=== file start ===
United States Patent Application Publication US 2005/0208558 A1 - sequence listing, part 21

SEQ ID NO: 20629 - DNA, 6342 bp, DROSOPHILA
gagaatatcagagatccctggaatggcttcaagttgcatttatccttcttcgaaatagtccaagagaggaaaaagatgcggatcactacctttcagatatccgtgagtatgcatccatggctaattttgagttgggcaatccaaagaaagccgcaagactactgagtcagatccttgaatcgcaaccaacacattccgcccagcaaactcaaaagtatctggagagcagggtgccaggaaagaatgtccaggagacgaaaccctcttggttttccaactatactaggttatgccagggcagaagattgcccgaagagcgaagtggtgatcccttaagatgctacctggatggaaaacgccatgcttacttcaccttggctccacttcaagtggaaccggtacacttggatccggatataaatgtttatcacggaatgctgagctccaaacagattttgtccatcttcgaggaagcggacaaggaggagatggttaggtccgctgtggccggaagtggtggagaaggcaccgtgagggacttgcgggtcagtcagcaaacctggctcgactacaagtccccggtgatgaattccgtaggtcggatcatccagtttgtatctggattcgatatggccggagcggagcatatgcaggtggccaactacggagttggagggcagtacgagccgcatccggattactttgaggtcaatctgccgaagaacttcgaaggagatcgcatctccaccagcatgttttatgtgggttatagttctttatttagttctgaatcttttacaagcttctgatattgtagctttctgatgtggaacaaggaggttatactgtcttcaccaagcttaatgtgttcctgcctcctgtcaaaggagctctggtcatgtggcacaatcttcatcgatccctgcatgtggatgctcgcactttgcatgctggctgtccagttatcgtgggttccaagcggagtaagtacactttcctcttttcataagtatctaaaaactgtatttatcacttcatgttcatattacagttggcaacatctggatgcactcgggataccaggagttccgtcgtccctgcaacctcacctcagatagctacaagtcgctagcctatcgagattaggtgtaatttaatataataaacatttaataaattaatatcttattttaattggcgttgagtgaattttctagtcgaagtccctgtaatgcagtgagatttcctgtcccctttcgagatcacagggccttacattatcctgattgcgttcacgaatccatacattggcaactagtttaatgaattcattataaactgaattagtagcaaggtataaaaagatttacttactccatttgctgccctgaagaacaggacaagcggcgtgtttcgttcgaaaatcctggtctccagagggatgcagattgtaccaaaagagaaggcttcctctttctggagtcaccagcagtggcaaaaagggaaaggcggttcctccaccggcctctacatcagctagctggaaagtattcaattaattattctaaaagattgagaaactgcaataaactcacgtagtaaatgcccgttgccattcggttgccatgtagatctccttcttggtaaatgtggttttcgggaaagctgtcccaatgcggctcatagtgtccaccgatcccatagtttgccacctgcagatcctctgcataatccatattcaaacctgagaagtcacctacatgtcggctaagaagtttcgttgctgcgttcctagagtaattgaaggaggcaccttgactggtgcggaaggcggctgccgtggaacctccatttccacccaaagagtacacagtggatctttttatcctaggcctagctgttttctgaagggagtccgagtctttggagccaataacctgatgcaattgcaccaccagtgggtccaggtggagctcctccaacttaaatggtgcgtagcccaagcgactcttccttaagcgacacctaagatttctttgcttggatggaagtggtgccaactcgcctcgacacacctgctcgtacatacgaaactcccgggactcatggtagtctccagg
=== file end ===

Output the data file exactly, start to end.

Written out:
United States Patent Application Publication US 2005/0208558 A1 - sequence listing, part 21

SEQ ID NO: 20629 - DNA, 6342 bp, DROSOPHILA
gagaatatcagagatccctggaatggcttcaagttgcatttatccttcttcgaaatagtccaagagaggaaaaagatgcggatcactacctttcagatatccgtgagtatgcatccatggctaattttgagttgggcaatccaaagaaagccgcaagactactgagtcagatccttgaatcgcaaccaacacattccgcccagcaaactcaaaagtatctggagagcagggtgccaggaaagaatgtccaggagacgaaaccctcttggttttccaactatactaggttatgccagggcagaagattgcccgaagagcgaagtggtgatcccttaagatgctacctggatggaaaacgccatgcttacttcaccttggctccacttcaagtggaaccggtacacttggatccggatataaatgtttatcacggaatgctgagctccaaacagattttgtccatcttcgaggaagcggacaaggaggagatggttaggtccgctgtggccggaagtggtggagaaggcaccgtgagggacttgcgggtcagtcagcaaacctggctcgactacaagtccccggtgatgaattccgtaggtcggatcatccagtttgtatctggattcgatatggccggagcggagcatatgcaggtggccaactacggagttggagggcagtacgagccgcatccggattactttgaggtcaatctgccgaagaacttcgaaggagatcgcatctccaccagcatgttttatgtgggttatagttctttatttagttctgaatcttttacaagcttctgatattgtagctttctgatgtggaacaaggaggttatactgtcttcaccaagcttaatgtgttcctgcctcctgtcaaaggagctctggtcatgtggcacaatcttcatcgatccctgcatgtggatgctcgcactttgcatgctggctgtccagttatcgtgggttccaagcggagtaagtacactttcctcttttcataagtatctaaaaactgtatttatcacttcatgttcatattacagttggcaacatctggatgcactcgggataccaggagttccgtcgtccctgcaacctcacctcagatagctacaagtcgctagcctatcgagattaggtgtaatttaatataataaacatttaataaattaatatcttattttaattggcgttgagtgaattttctagtcgaagtccctgtaatgcagtgagatttcctgtcccctttcgagatcacagggccttacattatcctgattgcgttcacgaatccatacattggcaactagtttaatgaattcattataaactgaattagtagcaaggtataaaaagatttacttactccatttgctgccctgaagaacaggacaagcggcgtgtttcgttcgaaaatcctggtctccagagggatgcagattgtaccaaaagagaaggcttcctctttctggagtcaccagcagtggcaaaaagggaaaggcggttcctccaccggcctctacatcagctagctggaaagtattcaattaattattctaaaagattgagaaactgcaataaactcacgtagtaaatgcccgttgccattcggttgccatgtagatctccttcttggtaaatgtggttttcgggaaagctgtcccaatgcggctcatagtgtccaccgatcccatagtttgccacctgcagatcctctgcataatccatattcaaacctgagaagtcacctacatgtcggctaagaagtttcgttgctgcgttcctagagtaattgaaggaggcaccttgactggtgcggaaggcggctgccgtggaacctccatttccacccaaagagtacacagtggatctttttatcctaggcctagctgttttctgaagggagtccgagtctttggagccaataacctgatgcaattgcaccaccagtgggtccaggtggagctcctccaacttaaatggtgcgtagcccaagcgactcttccttaagcgacacctaagatttctttgcttggatggaagtggtgccaactcgcctcgacacacctgctcgtacatacgaaactcccgggactcatggtagtctccagg